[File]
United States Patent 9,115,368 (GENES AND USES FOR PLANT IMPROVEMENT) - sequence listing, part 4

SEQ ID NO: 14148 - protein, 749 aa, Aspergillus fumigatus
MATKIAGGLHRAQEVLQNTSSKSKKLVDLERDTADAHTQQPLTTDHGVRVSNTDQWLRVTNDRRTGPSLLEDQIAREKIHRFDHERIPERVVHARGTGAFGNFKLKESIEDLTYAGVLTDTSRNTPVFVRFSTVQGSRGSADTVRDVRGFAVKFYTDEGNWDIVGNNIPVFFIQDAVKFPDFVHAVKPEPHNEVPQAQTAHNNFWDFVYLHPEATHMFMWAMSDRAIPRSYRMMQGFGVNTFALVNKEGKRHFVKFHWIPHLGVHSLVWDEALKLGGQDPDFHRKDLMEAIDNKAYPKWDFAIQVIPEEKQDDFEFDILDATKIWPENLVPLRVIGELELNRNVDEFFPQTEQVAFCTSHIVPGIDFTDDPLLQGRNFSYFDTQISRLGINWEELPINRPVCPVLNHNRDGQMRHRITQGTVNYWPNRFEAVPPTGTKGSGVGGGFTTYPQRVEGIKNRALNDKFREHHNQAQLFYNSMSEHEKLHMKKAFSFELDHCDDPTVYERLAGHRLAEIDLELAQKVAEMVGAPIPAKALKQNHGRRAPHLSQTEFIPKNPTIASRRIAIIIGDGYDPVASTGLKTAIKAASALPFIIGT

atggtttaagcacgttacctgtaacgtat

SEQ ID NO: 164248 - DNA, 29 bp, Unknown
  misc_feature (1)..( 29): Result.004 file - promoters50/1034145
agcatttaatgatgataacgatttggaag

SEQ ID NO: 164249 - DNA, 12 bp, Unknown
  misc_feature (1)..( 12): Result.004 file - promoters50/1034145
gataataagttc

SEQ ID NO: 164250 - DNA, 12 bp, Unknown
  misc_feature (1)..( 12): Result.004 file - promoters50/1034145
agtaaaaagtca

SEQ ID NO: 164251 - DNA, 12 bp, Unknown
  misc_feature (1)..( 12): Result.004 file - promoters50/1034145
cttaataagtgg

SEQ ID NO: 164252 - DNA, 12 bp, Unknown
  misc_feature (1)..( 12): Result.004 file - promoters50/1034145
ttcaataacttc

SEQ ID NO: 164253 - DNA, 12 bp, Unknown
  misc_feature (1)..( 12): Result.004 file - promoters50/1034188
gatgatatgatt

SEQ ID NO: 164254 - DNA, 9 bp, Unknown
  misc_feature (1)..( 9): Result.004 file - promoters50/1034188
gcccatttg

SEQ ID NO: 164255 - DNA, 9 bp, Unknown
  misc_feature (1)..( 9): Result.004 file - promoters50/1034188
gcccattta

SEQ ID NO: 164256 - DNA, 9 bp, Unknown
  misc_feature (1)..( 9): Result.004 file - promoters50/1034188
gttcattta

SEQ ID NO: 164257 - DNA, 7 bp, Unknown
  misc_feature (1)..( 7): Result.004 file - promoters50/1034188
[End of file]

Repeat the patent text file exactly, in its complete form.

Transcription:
United States Patent 9,115,368 (GENES AND USES FOR PLANT IMPROVEMENT) - sequence listing, part 4

SEQ ID NO: 14148 - protein, 749 aa, Aspergillus fumigatus
MATKIAGGLHRAQEVLQNTSSKSKKLVDLERDTADAHTQQPLTTDHGVRVSNTDQWLRVTNDRRTGPSLLEDQIAREKIHRFDHERIPERVVHARGTGAFGNFKLKESIEDLTYAGVLTDTSRNTPVFVRFSTVQGSRGSADTVRDVRGFAVKFYTDEGNWDIVGNNIPVFFIQDAVKFPDFVHAVKPEPHNEVPQAQTAHNNFWDFVYLHPEATHMFMWAMSDRAIPRSYRMMQGFGVNTFALVNKEGKRHFVKFHWIPHLGVHSLVWDEALKLGGQDPDFHRKDLMEAIDNKAYPKWDFAIQVIPEEKQDDFEFDILDATKIWPENLVPLRVIGELELNRNVDEFFPQTEQVAFCTSHIVPGIDFTDDPLLQGRNFSYFDTQISRLGINWEELPINRPVCPVLNHNRDGQMRHRITQGTVNYWPNRFEAVPPTGTKGSGVGGGFTTYPQRVEGIKNRALNDKFREHHNQAQLFYNSMSEHEKLHMKKAFSFELDHCDDPTVYERLAGHRLAEIDLELAQKVAEMVGAPIPAKALKQNHGRRAPHLSQTEFIPKNPTIASRRIAIIIGDGYDPVASTGLKTAIKAASALPFIIGT

atggtttaagcacgttacctgtaacgtat

SEQ ID NO: 164248 - DNA, 29 bp, Unknown
  misc_feature (1)..( 29): Result.004 file - promoters50/1034145
agcatttaatgatgataacgatttggaag

SEQ ID NO: 164249 - DNA, 12 bp, Unknown
  misc_feature (1)..( 12): Result.004 file - promoters50/1034145
gataataagttc

SEQ ID NO: 164250 - DNA, 12 bp, Unknown
  misc_feature (1)..( 12): Result.004 file - promoters50/1034145
agtaaaaagtca

SEQ ID NO: 164251 - DNA, 12 bp, Unknown
  misc_feature (1)..( 12): Result.004 file - promoters50/1034145
cttaataagtgg

SEQ ID NO: 164252 - DNA, 12 bp, Unknown
  misc_feature (1)..( 12): Result.004 file - promoters50/1034145
ttcaataacttc

SEQ ID NO: 164253 - DNA, 12 bp, Unknown
  misc_feature (1)..( 12): Result.004 file - promoters50/1034188
gatgatatgatt

SEQ ID NO: 164254 - DNA, 9 bp, Unknown
  misc_feature (1)..( 9): Result.004 file - promoters50/1034188
gcccatttg

SEQ ID NO: 164255 - DNA, 9 bp, Unknown
  misc_feature (1)..( 9): Result.004 file - promoters50/1034188
gcccattta

SEQ ID NO: 164256 - DNA, 9 bp, Unknown
  misc_feature (1)..( 9): Result.004 file - promoters50/1034188
gttcattta

SEQ ID NO: 164257 - DNA, 7 bp, Unknown
  misc_feature (1)..( 7): Result.004 file - promoters50/1034188